Brain injury charity Headway has urged the players to be honest about their head injuries and inform the concern medical team immediately before the problem escalates.
The reaction from Headway comes following the recently concluded Pro 12 clash between Ospreys and Leinster where Dan Biggar stated that he felt "a little bit dazed" after he missed a match winning late penalty in the game.
Biggar left the field in the 57th minute and returned back nine minutes later following a head injury assessment from Ospreys medical team.
Headway chief executive Peter McCabe highlighted the problem of concussion based injuries and urged the players to co-operate with the team doctors and medical staff.
"It is extremely concerning to hear a player admit to feeling dazed following a head injury and yet not inform his medical team.
"Identifying concussion is not an easy task, particularly in the pressured environment of live professional sport. It can be an evolving condition with the symptoms not always immediately obvious.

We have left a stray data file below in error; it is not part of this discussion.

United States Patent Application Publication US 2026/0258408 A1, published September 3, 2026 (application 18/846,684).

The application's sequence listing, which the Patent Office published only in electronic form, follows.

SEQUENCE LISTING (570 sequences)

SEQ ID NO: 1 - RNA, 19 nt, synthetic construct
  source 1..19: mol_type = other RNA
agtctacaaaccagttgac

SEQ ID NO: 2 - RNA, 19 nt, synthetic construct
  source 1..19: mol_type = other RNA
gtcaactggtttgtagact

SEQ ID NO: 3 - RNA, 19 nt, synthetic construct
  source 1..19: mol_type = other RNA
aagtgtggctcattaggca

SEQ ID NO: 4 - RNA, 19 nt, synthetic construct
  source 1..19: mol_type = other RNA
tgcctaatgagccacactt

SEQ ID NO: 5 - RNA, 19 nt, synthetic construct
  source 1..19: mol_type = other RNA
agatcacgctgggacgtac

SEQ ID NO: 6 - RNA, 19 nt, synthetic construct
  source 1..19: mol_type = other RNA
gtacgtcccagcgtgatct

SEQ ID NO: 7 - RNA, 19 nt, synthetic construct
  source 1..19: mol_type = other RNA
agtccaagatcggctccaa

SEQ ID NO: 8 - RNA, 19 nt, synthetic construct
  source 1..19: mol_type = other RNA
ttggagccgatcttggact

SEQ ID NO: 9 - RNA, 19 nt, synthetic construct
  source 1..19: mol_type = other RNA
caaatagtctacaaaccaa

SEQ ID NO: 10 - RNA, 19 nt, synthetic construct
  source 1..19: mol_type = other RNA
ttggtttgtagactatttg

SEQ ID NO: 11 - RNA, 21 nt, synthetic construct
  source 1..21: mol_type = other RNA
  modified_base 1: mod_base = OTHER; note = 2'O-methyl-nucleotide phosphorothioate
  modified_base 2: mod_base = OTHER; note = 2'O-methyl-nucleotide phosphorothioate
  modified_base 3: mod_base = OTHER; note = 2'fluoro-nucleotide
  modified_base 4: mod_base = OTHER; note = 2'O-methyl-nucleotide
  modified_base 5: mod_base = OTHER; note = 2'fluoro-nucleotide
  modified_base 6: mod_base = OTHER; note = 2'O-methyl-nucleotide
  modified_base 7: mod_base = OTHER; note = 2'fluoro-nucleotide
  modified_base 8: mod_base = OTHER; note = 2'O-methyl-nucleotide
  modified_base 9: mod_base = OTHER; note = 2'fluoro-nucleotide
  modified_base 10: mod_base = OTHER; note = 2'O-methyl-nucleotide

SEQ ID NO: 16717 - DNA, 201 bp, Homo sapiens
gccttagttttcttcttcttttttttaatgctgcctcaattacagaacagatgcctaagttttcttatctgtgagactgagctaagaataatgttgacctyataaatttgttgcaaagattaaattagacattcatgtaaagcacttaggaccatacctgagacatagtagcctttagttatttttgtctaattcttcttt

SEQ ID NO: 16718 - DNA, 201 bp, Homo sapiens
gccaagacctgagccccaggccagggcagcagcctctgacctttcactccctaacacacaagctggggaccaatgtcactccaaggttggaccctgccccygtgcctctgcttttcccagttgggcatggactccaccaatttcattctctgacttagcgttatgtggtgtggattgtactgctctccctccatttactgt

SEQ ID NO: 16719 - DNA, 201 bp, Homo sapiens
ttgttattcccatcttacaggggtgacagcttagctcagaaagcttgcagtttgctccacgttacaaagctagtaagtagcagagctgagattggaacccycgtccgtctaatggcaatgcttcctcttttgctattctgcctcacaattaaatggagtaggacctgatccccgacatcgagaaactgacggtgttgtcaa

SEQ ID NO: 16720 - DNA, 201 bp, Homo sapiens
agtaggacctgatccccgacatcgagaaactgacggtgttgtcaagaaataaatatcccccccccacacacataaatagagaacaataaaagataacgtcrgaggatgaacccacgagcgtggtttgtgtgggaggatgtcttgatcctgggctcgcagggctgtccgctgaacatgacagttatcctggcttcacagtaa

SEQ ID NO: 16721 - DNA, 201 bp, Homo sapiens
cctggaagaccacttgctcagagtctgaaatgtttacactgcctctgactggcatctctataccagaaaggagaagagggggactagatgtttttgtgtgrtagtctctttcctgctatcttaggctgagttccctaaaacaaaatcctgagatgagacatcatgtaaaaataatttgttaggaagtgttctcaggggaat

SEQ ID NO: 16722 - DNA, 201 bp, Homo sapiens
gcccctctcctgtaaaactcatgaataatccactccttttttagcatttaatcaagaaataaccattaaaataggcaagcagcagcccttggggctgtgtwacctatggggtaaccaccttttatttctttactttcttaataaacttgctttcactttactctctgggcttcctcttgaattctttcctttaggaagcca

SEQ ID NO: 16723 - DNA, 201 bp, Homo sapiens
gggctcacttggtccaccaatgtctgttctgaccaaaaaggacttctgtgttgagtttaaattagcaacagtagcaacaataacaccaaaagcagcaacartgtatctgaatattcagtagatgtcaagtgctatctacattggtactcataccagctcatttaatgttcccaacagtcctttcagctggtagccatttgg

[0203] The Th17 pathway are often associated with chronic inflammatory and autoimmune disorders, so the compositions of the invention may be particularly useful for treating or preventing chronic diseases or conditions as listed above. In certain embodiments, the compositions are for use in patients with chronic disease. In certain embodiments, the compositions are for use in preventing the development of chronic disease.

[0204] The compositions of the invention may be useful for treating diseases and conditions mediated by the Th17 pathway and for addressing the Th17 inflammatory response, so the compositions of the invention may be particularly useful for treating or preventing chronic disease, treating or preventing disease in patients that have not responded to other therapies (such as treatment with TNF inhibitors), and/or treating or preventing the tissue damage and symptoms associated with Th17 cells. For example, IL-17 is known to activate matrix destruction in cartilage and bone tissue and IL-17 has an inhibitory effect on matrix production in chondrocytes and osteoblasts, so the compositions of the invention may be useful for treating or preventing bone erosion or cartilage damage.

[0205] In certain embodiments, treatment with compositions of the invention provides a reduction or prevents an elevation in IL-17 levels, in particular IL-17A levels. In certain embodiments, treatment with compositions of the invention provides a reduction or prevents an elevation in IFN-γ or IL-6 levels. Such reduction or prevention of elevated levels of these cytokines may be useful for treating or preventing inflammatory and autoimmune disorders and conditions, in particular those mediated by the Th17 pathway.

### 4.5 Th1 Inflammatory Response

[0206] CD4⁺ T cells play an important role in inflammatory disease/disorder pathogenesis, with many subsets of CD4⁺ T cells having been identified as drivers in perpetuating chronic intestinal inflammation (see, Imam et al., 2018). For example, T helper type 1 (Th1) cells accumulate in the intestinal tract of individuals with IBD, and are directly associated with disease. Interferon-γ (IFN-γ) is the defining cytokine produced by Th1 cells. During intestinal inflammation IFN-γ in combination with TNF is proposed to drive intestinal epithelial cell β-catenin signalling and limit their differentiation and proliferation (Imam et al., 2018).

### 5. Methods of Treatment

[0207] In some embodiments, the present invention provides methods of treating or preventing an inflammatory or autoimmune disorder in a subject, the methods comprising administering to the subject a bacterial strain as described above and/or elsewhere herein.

"Players must take some responsibility by being honest with medical staff and admitting to feeling dizzy, nauseous, or dazed, for example.
"Professional rugby players are better supported than ever before when it comes to understanding concussion, which is otherwise known as a minor traumatic brain injury. The question has to be asked, however, is whether or not the message is getting through.
"Continuing to play while feeling dazed sets a poor example for grassroots players to follow and indicates more needs to be done to educate players on the dangers of playing on following a concussion.
"In the meantime, it is vital that rugby stays true to the principle of 'If in doubt, sit it out!'."